Apologies have abounded from several male cast members of Arrested Development after The New York Times published a “notably raw” interview with actors from the show ahead of the show’s fifth season. When Jeffrey Tambor is asked about a time he “lashed out” at costar Jessica Walter, every man in the room immediately jumps to his defense, as if a bat signal had been lit.
“We’ve all done [it],” Jason Bateman says, although Walter challenges his claim.
“Oh! You’ve never yelled at me,” she replies, adding that “in almost 60 years of working, I’ve never had anybody yell at me like that on a set.”
In a rush to protect Tambor (who was dismissed from the award-winning show Transparent after being accused of sexual harassment), Bateman chalks up the other actor’s behavior to the “amorphous process” of working in the entertainment industry. “It is a breeding ground for atypical behavior and certain people have certain processes,” he says, denying that he intends to “belittle or excuse” Tambor’s behavior — but doing just that. (Bateman has since apologized for his comments.)
Alia Shawkat was the only person to say that verbally abusing people, even in untraditional work settings, is unequivocally not okay. Her point is an important point to remember. In recent months, women across the country have come forward about the kinds of abuse they suffer at work, from being sexually harassed or assaulted to verbally abused. Yelling isn’t necessarily against the law or cross a physical boundary — but it can still be highly demeaning, and you don’t have to tolerate it.
Ahead, we ask a group of experts how to handle a loudmouthed bully on the job.
What should you do if someone yells at you at work?
Everyone has a different comfort level, so honestly, the answer won’t be the same for every person. It shouldn’t be on you to take control of the situation (since you’re not the person out of control), but there are things you can do.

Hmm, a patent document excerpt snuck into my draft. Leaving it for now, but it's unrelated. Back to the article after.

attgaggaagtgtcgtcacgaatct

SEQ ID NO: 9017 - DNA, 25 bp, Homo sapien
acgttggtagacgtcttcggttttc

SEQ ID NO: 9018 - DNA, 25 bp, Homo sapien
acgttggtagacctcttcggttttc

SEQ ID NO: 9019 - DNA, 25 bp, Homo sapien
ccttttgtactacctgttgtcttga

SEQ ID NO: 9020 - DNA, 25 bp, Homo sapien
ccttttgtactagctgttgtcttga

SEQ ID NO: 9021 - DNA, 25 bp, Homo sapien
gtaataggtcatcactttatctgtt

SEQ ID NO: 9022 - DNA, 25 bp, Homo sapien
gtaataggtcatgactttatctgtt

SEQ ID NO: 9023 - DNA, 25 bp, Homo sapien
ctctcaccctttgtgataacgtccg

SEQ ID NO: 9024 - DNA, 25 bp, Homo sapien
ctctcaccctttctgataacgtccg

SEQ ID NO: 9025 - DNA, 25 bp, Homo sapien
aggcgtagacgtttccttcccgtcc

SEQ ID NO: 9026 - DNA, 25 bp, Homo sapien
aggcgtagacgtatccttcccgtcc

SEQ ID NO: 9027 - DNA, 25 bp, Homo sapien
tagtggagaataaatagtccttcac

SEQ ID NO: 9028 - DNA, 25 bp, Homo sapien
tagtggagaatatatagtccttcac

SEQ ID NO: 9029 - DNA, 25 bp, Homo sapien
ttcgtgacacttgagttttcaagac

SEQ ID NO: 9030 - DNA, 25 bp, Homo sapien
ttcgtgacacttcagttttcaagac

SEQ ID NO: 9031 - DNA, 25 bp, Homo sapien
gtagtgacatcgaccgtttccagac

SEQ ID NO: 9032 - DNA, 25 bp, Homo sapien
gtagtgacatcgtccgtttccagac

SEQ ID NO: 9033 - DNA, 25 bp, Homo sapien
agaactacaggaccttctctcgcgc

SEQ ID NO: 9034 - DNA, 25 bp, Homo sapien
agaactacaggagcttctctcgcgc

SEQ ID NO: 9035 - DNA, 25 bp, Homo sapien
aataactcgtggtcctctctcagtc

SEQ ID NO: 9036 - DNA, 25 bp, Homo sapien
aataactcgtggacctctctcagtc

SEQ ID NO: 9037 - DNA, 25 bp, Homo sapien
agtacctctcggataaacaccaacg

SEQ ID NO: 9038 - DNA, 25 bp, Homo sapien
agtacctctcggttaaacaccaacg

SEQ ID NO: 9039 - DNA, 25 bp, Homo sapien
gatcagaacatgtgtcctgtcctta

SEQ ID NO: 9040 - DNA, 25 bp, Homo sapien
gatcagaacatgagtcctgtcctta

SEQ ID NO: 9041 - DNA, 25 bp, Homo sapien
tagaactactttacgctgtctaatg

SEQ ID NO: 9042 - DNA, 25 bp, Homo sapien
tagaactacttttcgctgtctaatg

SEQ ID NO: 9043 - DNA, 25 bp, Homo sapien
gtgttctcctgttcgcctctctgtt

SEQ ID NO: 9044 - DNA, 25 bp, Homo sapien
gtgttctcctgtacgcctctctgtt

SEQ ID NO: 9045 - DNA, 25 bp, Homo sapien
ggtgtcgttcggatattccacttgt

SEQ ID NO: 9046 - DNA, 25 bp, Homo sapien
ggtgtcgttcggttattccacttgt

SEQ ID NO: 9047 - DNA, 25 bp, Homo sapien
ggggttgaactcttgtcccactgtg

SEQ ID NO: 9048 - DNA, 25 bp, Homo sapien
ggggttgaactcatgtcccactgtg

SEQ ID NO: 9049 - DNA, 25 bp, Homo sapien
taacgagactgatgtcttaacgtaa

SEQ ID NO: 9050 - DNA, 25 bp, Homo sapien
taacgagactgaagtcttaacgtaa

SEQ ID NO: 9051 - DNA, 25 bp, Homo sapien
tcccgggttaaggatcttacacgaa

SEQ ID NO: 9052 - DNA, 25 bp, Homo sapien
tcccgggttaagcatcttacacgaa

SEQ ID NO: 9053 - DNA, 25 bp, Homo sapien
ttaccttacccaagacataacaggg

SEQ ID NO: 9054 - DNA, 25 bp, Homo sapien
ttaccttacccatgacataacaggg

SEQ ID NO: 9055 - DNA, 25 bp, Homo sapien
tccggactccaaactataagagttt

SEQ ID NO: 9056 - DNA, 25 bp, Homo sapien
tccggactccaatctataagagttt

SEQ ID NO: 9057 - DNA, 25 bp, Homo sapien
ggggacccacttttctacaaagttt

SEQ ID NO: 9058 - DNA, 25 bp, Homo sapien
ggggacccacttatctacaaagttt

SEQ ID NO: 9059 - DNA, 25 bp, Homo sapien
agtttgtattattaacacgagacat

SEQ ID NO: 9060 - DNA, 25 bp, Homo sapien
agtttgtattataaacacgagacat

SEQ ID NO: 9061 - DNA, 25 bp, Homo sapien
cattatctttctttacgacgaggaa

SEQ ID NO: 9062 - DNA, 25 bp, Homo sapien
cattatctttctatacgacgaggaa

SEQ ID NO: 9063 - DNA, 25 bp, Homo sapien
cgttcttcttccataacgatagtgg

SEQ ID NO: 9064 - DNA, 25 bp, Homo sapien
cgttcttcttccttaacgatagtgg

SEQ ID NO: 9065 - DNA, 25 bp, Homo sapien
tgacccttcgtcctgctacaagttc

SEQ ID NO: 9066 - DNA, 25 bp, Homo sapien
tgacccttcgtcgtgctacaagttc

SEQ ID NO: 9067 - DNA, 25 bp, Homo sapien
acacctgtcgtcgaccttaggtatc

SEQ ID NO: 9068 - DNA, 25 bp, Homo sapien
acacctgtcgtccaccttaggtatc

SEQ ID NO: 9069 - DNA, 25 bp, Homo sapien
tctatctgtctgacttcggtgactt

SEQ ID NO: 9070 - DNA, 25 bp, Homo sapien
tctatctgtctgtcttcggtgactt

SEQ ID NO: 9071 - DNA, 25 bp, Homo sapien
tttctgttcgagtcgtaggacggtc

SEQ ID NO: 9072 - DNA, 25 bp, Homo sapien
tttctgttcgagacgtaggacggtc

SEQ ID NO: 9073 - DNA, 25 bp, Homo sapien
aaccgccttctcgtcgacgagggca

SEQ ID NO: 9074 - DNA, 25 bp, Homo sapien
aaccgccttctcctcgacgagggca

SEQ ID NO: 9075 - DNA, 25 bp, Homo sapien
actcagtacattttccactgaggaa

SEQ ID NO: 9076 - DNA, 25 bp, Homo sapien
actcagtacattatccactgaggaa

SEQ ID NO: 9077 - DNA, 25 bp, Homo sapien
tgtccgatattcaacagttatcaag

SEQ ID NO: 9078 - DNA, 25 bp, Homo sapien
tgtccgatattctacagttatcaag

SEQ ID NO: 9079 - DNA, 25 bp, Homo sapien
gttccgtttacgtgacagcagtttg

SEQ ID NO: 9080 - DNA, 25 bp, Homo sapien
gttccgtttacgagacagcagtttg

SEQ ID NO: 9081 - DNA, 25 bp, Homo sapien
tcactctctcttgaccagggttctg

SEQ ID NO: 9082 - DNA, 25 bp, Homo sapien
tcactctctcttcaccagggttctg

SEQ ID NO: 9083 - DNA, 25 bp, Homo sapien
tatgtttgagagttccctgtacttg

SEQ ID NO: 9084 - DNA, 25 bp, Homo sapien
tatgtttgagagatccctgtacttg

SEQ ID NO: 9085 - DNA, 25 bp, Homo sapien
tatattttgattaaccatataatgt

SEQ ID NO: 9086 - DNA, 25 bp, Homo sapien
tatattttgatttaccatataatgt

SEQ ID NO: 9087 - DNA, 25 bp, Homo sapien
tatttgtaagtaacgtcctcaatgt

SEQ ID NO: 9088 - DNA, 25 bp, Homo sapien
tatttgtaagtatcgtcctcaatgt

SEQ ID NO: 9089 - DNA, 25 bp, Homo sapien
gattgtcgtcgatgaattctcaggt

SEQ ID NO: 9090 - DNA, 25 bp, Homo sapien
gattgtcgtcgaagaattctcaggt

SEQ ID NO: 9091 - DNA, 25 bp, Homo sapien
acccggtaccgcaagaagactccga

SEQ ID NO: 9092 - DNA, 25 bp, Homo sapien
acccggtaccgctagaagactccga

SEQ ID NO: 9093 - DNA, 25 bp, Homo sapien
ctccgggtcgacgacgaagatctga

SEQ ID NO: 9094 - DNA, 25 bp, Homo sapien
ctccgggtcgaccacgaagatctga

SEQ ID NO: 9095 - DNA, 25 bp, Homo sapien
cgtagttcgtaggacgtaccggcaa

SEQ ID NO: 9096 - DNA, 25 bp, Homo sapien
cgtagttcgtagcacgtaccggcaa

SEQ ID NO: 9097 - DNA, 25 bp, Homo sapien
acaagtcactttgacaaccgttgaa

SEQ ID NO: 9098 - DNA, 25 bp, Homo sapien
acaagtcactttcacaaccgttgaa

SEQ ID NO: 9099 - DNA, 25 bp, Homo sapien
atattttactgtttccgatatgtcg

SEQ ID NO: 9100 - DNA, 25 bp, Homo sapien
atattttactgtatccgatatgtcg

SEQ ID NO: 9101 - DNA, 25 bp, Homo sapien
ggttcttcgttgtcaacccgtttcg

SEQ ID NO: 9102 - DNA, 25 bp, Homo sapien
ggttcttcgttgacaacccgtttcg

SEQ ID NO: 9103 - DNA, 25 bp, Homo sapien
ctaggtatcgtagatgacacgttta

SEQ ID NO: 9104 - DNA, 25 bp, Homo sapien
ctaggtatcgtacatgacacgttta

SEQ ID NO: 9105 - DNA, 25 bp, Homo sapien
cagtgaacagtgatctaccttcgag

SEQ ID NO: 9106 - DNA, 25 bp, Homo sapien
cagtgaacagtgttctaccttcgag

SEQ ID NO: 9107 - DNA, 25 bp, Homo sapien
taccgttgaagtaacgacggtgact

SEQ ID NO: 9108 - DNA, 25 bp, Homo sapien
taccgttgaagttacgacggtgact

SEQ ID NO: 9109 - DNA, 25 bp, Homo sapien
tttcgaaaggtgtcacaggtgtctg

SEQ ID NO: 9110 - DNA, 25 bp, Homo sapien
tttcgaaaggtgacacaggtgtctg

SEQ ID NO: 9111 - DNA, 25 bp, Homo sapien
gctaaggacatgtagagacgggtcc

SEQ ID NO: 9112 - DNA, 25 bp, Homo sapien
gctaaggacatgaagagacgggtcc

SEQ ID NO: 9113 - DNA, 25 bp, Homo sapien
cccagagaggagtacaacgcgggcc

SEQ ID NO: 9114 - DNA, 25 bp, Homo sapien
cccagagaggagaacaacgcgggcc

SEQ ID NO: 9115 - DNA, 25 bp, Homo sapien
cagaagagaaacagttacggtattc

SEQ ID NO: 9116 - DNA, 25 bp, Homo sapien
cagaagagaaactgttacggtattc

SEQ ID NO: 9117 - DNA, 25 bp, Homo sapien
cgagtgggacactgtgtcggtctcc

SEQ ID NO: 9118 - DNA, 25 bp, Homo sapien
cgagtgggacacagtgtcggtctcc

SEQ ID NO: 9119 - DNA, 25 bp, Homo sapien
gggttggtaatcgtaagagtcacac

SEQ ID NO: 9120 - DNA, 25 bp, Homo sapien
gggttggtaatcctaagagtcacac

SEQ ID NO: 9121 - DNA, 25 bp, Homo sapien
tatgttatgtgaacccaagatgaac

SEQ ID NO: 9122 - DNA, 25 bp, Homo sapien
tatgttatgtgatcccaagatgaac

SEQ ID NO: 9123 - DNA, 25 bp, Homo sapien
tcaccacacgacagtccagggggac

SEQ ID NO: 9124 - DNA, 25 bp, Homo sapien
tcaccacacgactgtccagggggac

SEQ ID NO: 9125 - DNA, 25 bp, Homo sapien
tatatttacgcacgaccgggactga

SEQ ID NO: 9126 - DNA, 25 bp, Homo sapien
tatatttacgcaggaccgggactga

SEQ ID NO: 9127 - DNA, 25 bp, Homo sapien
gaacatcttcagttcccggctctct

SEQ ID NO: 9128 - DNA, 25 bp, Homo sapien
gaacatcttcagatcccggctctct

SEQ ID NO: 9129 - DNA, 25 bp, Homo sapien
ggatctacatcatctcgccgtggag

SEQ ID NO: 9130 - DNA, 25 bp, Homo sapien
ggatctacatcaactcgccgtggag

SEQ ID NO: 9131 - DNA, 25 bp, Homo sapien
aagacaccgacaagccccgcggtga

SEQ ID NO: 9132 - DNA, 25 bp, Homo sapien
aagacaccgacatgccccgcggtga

“If you are comfortable doing this, direct confrontation can be the most immediate way to stop the behavior,” says Tracie Sponenberg, senior vice president of human resources at The Granite Group. “Talk to the person calmly, explain how the yelling made you feel, and wait for the response. Don’t engage and yell back and stoop to their level.”
If you’re too shaken (or angry yourself) to have a discussion at the moment, consider extricating yourself from the situation and informing the other person that you’ll continue the conversation another time — when they’re willing to speak with you in a more respectful, appropriate way. In that break, it’s absolutely fine to speak with a supervisor or HR about your colleague’s inappropriate behavior, and how to handle the situation independently or with their guidance.
If you didn’t address the problem at the time but it still bothers you later, is it okay to bring it up?
Yes! As Walter showed, many people react with a “show must go on” mentality at the time but that doesn’t mean they’re unaffected. “Confrontation is really, really hard for most of us,” says Sponenberg. “If this is weighing on you, it is important to address it. Ask to speak with the person, calmly remind them of the situation (they may not recall it, especially if this is a normal occurrence), and just talk about it.”
Organizations typically have some sort of codes of conduct or respectful workplace policies, says Valerie P. Keels, the head of D.C. office services at Gavi, the Vaccine Alliance. She recommends that the person who has been yelled at refer to their organization’s policy (maybe asking HR for a copy) to identify which provisions have not been upheld by the yeller. Again, asking a supervisor or HR to help mediate is totally permissible, says Keels. Plus, you might even be helping to corroborate a pattern of bad behavior with HR that needs to finally be addressed.